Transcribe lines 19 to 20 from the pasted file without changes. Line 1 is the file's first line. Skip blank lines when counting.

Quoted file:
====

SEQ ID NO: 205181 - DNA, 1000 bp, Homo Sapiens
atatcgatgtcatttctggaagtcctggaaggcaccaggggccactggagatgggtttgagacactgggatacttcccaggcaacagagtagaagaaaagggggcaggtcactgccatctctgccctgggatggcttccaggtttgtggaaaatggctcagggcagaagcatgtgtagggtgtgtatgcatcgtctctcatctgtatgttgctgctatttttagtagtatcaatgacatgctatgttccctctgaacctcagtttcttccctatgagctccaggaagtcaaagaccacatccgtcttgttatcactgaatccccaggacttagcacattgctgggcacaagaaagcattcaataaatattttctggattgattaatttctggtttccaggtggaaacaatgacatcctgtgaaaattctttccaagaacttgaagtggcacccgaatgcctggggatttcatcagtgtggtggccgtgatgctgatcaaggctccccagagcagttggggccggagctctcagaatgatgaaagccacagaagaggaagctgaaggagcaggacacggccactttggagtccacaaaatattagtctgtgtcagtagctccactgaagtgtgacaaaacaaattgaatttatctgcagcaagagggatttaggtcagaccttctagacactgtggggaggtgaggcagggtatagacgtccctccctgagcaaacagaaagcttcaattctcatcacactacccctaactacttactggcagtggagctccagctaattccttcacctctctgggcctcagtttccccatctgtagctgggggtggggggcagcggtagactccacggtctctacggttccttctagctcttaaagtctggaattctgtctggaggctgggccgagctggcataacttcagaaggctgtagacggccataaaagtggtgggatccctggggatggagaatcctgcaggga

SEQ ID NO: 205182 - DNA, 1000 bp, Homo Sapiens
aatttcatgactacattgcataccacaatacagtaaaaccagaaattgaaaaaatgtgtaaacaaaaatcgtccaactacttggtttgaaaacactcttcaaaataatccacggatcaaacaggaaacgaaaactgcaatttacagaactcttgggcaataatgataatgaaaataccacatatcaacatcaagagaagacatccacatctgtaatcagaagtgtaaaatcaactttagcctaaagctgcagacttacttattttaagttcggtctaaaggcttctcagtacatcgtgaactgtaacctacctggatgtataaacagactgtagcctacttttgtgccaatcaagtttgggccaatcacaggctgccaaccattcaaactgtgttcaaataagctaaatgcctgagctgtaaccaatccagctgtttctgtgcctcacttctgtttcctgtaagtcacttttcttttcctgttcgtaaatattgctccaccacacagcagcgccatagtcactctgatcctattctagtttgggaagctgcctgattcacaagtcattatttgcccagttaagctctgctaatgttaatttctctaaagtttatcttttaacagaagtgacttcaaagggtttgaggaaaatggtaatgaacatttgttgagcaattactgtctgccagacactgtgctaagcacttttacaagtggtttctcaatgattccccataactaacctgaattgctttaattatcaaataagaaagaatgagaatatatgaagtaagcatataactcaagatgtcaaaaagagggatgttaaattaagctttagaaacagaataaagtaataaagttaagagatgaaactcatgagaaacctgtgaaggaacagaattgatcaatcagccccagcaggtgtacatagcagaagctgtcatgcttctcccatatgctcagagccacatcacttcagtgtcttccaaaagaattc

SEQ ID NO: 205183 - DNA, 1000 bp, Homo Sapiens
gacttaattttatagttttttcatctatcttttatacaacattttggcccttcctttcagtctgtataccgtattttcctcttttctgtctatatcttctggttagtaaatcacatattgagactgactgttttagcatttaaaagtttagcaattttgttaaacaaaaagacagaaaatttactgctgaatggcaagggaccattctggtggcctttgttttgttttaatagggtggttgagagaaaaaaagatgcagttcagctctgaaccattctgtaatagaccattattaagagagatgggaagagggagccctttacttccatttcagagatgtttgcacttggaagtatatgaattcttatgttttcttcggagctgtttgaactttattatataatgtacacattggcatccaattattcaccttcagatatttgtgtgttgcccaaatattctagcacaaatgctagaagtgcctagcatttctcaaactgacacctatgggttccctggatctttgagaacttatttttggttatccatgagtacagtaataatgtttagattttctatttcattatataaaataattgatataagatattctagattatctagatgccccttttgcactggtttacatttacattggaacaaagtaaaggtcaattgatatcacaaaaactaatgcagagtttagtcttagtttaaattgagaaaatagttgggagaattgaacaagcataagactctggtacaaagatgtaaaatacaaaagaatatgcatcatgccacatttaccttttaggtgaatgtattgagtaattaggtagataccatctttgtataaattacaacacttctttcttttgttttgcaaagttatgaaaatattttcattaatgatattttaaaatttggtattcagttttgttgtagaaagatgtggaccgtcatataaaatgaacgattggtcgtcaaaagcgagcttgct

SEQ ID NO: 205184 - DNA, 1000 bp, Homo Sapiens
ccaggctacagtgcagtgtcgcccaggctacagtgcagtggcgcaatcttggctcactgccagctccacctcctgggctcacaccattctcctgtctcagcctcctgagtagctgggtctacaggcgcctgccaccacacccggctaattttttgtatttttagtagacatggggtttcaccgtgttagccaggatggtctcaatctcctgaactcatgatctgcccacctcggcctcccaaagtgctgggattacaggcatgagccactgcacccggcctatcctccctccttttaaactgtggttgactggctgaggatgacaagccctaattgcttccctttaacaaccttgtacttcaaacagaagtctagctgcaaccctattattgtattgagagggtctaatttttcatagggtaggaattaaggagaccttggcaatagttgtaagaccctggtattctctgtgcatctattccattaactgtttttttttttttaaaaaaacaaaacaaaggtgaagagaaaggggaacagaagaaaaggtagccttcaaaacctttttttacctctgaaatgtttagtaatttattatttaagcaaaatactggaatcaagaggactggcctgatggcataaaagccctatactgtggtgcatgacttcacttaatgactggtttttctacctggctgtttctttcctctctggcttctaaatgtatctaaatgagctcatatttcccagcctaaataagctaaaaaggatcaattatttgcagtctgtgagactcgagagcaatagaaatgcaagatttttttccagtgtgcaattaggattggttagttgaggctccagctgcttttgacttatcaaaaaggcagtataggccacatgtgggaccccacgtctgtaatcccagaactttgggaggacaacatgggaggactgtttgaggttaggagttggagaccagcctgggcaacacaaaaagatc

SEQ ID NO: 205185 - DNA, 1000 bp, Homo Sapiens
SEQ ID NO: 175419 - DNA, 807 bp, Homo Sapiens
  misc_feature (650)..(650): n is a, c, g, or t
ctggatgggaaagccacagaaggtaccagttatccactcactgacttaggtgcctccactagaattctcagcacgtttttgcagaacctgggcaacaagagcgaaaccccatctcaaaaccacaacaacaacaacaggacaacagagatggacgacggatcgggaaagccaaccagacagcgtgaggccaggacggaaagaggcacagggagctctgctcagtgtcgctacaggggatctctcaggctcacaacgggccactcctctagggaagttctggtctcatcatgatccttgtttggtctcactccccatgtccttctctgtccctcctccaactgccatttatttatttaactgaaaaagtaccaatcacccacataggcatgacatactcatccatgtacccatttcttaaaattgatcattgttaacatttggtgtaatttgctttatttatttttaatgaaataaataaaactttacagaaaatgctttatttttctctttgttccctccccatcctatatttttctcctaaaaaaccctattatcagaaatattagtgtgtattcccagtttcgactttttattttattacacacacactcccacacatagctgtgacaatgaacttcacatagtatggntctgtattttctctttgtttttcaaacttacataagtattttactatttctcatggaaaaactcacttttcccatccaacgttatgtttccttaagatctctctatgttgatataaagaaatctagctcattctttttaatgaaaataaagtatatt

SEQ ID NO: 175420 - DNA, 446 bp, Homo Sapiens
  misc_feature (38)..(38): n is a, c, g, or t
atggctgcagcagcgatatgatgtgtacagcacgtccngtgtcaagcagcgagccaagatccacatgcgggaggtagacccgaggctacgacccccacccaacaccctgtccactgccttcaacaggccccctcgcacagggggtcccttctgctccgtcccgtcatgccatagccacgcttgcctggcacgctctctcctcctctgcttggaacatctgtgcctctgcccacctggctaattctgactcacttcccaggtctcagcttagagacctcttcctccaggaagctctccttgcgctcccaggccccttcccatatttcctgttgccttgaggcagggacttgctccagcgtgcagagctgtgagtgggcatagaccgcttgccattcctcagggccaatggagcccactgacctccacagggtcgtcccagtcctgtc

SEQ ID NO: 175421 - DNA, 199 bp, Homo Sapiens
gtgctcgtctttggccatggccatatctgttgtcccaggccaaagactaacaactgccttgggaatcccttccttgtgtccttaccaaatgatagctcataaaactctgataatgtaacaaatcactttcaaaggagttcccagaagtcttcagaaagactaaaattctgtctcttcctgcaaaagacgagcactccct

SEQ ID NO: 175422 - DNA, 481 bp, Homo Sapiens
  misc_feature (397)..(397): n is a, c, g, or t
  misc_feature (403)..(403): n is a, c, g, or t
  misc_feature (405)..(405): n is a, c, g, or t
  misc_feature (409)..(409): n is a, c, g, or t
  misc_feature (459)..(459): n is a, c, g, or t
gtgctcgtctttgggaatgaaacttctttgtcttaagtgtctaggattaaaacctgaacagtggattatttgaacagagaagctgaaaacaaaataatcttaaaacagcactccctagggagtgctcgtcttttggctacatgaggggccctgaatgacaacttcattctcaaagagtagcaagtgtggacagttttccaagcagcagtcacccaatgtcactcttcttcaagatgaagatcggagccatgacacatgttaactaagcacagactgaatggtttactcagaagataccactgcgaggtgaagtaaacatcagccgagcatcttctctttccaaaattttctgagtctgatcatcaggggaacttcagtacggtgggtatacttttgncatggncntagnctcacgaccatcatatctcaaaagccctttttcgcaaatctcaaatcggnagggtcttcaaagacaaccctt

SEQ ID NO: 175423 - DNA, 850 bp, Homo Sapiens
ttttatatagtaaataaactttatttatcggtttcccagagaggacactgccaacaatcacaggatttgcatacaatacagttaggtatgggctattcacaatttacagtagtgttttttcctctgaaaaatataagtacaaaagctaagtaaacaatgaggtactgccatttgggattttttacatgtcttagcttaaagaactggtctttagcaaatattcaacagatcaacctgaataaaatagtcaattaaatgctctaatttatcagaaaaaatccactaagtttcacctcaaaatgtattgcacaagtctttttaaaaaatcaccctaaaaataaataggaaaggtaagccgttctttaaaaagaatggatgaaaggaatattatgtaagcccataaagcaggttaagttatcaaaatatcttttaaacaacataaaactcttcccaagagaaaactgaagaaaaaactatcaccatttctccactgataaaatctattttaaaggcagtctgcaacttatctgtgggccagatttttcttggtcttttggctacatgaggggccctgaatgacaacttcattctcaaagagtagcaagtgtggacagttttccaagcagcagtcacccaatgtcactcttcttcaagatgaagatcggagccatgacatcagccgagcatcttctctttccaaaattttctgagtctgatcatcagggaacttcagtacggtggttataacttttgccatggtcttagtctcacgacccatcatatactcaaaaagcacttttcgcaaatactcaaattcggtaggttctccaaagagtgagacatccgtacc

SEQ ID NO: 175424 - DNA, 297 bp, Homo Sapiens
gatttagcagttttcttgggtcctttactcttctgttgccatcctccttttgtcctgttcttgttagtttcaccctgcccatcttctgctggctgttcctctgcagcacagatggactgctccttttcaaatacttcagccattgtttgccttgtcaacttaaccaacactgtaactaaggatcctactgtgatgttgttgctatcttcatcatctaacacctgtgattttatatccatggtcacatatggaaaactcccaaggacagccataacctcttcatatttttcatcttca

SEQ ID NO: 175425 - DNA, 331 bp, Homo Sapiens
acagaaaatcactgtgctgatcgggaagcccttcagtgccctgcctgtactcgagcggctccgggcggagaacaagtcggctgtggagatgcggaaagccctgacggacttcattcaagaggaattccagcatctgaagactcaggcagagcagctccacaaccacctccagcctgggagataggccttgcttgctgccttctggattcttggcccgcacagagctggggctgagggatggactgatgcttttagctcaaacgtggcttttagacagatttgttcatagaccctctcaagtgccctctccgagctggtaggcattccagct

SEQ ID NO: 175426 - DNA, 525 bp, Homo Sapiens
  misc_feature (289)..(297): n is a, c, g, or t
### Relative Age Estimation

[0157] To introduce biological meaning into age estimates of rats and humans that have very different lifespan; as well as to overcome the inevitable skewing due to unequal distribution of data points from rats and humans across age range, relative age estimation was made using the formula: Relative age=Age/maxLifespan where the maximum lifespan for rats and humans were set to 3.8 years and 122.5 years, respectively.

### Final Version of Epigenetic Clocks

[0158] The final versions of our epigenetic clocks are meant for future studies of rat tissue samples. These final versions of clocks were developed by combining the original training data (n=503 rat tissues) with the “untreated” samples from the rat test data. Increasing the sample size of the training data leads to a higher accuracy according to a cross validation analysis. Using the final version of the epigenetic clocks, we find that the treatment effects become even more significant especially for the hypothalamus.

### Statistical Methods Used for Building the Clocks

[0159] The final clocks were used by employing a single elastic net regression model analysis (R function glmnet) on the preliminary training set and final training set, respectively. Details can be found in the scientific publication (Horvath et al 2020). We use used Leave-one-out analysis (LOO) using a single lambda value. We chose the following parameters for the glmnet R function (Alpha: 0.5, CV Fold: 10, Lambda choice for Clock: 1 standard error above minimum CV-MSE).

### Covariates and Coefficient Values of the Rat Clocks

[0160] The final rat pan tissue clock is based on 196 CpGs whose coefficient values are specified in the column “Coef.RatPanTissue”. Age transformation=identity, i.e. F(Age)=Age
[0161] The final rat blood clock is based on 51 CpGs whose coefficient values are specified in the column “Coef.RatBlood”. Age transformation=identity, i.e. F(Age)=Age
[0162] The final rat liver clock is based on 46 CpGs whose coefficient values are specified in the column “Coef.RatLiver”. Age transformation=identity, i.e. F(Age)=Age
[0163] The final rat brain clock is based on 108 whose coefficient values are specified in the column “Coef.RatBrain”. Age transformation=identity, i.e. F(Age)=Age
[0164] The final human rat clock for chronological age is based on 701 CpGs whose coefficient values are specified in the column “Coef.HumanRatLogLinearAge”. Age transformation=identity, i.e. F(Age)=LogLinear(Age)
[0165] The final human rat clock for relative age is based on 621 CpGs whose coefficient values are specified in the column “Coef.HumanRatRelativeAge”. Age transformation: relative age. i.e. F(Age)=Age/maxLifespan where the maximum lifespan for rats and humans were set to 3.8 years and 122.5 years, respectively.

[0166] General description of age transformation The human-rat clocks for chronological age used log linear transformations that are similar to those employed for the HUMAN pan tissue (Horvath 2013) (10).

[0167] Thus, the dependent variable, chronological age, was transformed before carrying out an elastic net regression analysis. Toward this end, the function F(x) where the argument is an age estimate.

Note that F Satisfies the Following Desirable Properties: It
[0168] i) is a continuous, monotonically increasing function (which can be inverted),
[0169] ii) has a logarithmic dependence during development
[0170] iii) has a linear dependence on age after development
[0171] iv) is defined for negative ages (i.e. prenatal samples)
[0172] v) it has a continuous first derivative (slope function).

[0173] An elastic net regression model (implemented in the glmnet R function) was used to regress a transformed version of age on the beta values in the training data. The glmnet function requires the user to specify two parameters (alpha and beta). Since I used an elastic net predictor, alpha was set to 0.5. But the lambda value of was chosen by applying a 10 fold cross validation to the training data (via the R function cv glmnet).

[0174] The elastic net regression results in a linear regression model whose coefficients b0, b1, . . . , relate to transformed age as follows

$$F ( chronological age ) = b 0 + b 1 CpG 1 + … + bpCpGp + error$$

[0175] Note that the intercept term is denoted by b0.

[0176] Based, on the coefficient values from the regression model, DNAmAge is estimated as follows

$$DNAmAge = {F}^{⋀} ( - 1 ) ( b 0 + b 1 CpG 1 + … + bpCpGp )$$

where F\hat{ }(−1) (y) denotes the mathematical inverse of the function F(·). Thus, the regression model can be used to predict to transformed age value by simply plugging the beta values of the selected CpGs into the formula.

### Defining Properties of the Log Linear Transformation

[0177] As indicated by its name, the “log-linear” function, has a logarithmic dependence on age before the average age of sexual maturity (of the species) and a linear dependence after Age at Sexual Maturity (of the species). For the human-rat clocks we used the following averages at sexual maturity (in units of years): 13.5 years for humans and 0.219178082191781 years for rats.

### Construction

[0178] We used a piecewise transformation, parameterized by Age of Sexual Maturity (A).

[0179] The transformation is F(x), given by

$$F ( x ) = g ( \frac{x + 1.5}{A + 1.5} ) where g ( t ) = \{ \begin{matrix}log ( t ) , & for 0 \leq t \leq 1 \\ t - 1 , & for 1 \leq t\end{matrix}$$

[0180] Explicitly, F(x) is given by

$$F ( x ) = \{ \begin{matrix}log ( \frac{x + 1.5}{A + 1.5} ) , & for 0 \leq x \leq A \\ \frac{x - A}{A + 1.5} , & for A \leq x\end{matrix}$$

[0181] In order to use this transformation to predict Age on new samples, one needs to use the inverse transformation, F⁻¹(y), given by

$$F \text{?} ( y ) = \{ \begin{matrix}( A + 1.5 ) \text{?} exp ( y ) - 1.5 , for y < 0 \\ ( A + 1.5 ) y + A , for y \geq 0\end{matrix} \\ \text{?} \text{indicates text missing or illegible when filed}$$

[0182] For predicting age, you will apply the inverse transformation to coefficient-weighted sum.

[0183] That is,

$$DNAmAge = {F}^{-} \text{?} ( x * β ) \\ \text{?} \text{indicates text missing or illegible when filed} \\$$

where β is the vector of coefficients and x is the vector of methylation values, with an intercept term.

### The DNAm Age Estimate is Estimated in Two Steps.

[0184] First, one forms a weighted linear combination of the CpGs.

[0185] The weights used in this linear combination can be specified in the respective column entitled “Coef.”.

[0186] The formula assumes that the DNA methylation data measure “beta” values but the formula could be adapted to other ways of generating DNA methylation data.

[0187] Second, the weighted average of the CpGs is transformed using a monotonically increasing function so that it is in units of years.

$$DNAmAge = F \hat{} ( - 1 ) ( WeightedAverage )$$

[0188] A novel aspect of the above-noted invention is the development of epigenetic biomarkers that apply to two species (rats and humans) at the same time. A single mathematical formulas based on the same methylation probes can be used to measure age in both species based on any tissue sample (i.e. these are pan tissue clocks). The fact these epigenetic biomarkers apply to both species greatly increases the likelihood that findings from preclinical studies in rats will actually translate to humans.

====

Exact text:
  misc_feature (397)..(397): n is a, c, g, or t
  misc_feature (403)..(403): n is a, c, g, or t